UHI At A “Rural” Station In Queensland

Burketown is a very small town which would be considered rural by all standard definitions.

ASN00029004 -17.7425  139.5475    5.5    BURKETOWN POST OFFICE

Maximum temperatures there show no net warming since the 1890’s.

ScreenHunter_2741 Sep. 13 09.32

But minimum temperatures recorded at Burketown have warmed about 1C, almost all of which occurred during a few years around 1980.

ScreenHunter_2742 Sep. 13 09.33

At first glance, Burketown looks very rural.

ScreenHunter_2740 Sep. 13 09.28

But closer inspection shows that the thermometer is located near a large area of asphalt.

ScreenHunter_2743 Sep. 13 09.38

No too surprising that nighttime temperatures rose, after the roads were paved.

ScreenHunter_2744 Sep. 13 09.43

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11 Responses to UHI At A “Rural” Station In Queensland

  1. BobW in NC says:

    Where do these people get their training in science? I’d throw them out of any graduate program. Reminds me of a quote by Feynman from his “Cargo Cult” speech:

    “But there is one feature I notice that is generally missing in cargo cult science. That is the idea that we all hope you have learned in studying science in school—we never say explicitly what this is, but just hope that you catch on by all the examples of scientific investigation. It is interesting, therefore, to bring it out now and speak of it explicitly. It’s a kind of scientific integrity, a principle of scientific thought that corresponds to a kind of utter honesty—a kind of leaning over backwards. For example, if you’re doing an experiment, you should report everything that you think might make it invalid—not only what you think is right about it: other causes that could possibly explain your results; and things you thought of that you’ve eliminated by some other experiment, and how they worked—to make sure the other fellow can tell they have been eliminated.”
    “Details that could throw doubt on your interpretation must be given, if you know them. You must do the best you can—if you know anything at all wrong, or possibly wrong—to explain it. If you make a theory, for example, and advertise it, or put it out, then you must also put down all the facts that disagree with it, as well as those that agree with it.” http://calteches.library.caltech.edu/51/2/CargoCult.pdf

    The bottom line of what Dr. Feynman is exhorting his audience to do is clear and represents the highest science standards. That is, a scientist effectively has a moral obligation to be as thorough, dispassionate, unbiased, and complete in performing and reporting his or her work as possible. Thus, such an approach and solid integrity in scientific investigation and reporting is absolute and crucial. No exceptions should ever occur. Note how Dr. Feynman specifies these points (my emphasis):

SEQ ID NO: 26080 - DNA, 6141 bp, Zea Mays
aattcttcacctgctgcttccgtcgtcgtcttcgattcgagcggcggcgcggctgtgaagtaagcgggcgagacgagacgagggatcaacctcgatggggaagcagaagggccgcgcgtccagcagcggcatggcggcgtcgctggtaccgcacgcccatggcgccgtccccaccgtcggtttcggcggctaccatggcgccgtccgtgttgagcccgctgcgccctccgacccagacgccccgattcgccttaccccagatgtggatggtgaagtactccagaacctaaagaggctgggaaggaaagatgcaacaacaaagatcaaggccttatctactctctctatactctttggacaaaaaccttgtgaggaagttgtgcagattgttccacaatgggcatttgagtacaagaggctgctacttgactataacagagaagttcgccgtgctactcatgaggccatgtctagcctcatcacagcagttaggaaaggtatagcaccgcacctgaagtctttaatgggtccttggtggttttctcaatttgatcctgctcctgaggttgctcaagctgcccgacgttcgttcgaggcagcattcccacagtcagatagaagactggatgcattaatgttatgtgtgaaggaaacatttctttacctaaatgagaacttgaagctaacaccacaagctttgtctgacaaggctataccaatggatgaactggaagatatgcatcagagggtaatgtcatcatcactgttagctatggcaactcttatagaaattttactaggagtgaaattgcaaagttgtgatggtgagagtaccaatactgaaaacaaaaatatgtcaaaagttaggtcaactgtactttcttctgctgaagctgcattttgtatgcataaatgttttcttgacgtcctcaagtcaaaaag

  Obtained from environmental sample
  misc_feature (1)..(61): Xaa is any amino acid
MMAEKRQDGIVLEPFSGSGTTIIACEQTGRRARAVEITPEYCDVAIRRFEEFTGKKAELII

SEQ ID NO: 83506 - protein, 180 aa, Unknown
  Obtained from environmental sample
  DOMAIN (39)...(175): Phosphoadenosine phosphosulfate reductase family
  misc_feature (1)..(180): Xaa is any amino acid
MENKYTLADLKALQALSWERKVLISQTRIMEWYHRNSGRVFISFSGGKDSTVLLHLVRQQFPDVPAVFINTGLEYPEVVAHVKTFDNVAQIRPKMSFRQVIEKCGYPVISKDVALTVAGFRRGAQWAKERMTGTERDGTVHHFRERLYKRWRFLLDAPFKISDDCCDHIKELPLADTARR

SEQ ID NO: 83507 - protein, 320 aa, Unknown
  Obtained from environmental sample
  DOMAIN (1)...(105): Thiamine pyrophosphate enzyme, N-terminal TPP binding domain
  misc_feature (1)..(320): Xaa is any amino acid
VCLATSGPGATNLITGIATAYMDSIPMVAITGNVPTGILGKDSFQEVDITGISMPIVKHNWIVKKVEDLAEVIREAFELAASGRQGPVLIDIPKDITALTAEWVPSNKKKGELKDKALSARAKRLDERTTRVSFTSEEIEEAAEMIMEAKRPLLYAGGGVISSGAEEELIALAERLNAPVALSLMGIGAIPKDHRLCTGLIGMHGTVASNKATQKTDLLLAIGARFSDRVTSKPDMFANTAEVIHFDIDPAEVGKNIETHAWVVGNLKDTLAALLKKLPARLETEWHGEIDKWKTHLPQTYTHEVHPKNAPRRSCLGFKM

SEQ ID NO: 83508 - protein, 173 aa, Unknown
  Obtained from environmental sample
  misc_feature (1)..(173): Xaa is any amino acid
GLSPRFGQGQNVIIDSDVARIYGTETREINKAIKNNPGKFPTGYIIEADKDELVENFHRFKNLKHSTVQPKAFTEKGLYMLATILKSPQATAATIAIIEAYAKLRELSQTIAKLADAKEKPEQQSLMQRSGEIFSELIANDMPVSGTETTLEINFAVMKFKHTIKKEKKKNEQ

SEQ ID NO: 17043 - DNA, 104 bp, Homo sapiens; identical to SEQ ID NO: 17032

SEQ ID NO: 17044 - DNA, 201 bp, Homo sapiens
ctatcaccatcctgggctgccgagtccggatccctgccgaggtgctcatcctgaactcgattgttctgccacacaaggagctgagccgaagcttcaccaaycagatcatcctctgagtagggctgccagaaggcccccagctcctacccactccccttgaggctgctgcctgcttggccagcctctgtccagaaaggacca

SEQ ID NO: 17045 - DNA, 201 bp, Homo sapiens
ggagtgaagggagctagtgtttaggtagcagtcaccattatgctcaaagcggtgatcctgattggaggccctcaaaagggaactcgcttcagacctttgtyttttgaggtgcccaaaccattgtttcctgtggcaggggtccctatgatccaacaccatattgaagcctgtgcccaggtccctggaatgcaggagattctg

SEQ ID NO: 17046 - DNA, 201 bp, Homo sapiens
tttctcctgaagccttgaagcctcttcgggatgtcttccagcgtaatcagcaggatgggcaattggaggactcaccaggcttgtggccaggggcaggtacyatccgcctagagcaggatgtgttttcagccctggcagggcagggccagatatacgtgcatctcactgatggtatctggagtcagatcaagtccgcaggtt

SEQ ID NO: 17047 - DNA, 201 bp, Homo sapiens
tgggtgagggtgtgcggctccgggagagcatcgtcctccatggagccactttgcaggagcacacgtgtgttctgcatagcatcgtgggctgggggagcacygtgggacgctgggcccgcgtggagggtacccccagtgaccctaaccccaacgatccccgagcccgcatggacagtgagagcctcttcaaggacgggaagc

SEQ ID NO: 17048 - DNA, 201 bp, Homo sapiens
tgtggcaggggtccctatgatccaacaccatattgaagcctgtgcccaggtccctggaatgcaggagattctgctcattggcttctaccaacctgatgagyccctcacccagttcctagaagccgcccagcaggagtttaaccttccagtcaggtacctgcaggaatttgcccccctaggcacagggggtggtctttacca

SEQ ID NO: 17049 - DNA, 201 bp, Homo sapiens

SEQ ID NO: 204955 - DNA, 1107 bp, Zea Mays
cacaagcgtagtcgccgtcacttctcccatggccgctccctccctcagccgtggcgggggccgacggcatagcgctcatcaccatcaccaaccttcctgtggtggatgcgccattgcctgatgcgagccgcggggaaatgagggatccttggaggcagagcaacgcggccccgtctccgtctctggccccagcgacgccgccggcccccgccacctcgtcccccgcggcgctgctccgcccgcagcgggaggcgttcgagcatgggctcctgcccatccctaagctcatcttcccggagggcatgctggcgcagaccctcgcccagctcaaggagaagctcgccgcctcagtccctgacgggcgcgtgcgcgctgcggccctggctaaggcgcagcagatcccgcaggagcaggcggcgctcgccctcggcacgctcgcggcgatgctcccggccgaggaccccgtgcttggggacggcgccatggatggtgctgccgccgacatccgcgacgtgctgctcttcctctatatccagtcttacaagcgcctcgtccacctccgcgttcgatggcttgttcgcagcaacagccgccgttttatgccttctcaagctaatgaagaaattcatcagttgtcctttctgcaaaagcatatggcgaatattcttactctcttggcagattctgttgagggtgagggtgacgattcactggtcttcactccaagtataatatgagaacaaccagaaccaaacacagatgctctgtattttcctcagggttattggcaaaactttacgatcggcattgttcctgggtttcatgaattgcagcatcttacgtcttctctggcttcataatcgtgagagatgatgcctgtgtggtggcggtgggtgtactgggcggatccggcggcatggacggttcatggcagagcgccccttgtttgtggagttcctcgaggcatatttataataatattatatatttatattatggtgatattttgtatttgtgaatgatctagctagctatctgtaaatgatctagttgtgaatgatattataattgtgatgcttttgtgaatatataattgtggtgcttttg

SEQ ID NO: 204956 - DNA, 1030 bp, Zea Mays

• “…a kind of utter honesty
    • “…a kind of leaning over backwards
    • “…you should report everything you think might make [your experiment] invalid
    • “…details that could throw doubt on your interpretation must be given, if you know them
    • “…put down all the facts that disagree with [your theory], as well as those that agree with it
    • “You must do the best you can…”


    • Gail Combs says:


      By that standard real scientists are few and far between because most people do not have the courage to be honest, and it does take courage. Most rather be ‘Team Players’

  2. MarcT77 says:

    The “greenhouse effect” should be renamed the “fishnet effect”. A fishnet prevents heat from escaping without affecting convection just like the addition of CO2 to an atmosphere. If the increase in CO2 of the last century has increased the amount of downwelling IR by 2% of ground emissions. A fishnet made with 1/8in.(3mm) threads would have holes a feet (30cm) apart in order to emit this amount of heat.

    If people could see this fishnet, I think they would stop blaming short term weather events on CO2. And this includes the difference between night temperatures and day temperatures.

  3. TomC says:

    This actually has little to do with urbanization and/or pavement, buildings, etc., but more with tree growth.

    The weather station seems to be located by a couple of trees, which very likely weren’t as tall or wide as they were several decades ago. The leaves on trees create a backscattering of OLR at night which will keep the areas under the trees and their immediate surroundings (about 5 meters) slightly warmer than areas outside of the tree cover. This effect is most apparent on a morning with frost where the temperatures remains above freezing. There will be frost on the open areas but under the trees sometimes won’t even have dew formation. This is due to the trees keeping the air temperatures 2-3°F warmer than their surroundings. So a siting issue is probably the cause of the rise in minimum temperatures but likely arising from tree cover and not asphalt.

    • mjc says:

      Asphalt has been used for storing solar energy in passive solar setups, precisely because it is known to absorb/hold heat and slowly radiate it back over a fairly long period of time…it’s a dense, dark colored material that is perfect for the job.

      But you are saying that out in the open it’s the tree leaves that are causing backscattering to raise the temperature and NOT the heat-holding asphalt that practically surrounds the site in question?

      Also, if the trees are deciduous, then wouldn’t the lack of leaves on frosty mornings invalidate the assumption that it is backscattering? Because, usually, when it is frosty deciduous trees DO NOT HAVE LEAVES!!!

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